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This is an excerpt from pthread_cond_wait man page Some implementations, particularly on a multi-processor, may sometimes cause multiple threads to wake up when the condition variable is signaled simultaneously on different processors.

In general, whenever a condition wait returns, the thread has to re-evaluate the predicate associated with the condition wait to determine whether it can safely proceed, should wait again, or should declare a timeout. My Question: here what is the meaning of predicate?Does it mean that I need to create one more variable apart from the conditional variable provided in pthread_cond_wait or does it referring to the same variable which has been provided in pthread_cond_wait

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2 Answers

Yes, you need an additional variable like int done_flag; to use like this:

pthread_mutex_lock(&mutex);
while (!done_flag) pthread_cond_wait(&cond, &mutex);
/* do something that needs the lock held */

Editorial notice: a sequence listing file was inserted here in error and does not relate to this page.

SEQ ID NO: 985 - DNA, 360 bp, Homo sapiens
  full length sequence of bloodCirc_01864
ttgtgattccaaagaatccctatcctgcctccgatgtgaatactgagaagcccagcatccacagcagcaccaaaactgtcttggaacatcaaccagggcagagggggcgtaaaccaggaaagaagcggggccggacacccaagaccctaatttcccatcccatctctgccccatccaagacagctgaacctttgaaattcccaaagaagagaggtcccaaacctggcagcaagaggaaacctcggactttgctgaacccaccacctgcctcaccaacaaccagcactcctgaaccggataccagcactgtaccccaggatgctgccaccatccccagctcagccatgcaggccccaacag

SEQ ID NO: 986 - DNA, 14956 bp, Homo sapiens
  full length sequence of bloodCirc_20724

pthread_mutex_unlock(&mutex);
/* do some other stuff that doesn't need the lock held */

Of course it often might not be a flag but rather a count, or some other type of variable, with a more complicated condition to test.

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This might be useful. You can use pthread_kill to wake a particular thread.

sigset_t _fSigMask; // global sigmask

We do this before creating our threads. Threads inherit their mask from the thread that creates them. We use SIGUSR1 to signal our threads. Other signals are available.

sigemptyset(&_fSigMask);
sigaddset(&_fSigMask, SIGUSR1);
sigaddset(&_fSigMask, SIGSEGV);

Then to sleep a thread

int nSig;
sigwait(&fSigMask, &nSig);

Then to wake the thread, YourThread.

pthread_kill(YourThread, SIGUSR1);

By the way, during our testing, sleeping and waking our threads this way was about 40x faster than using condition variables.

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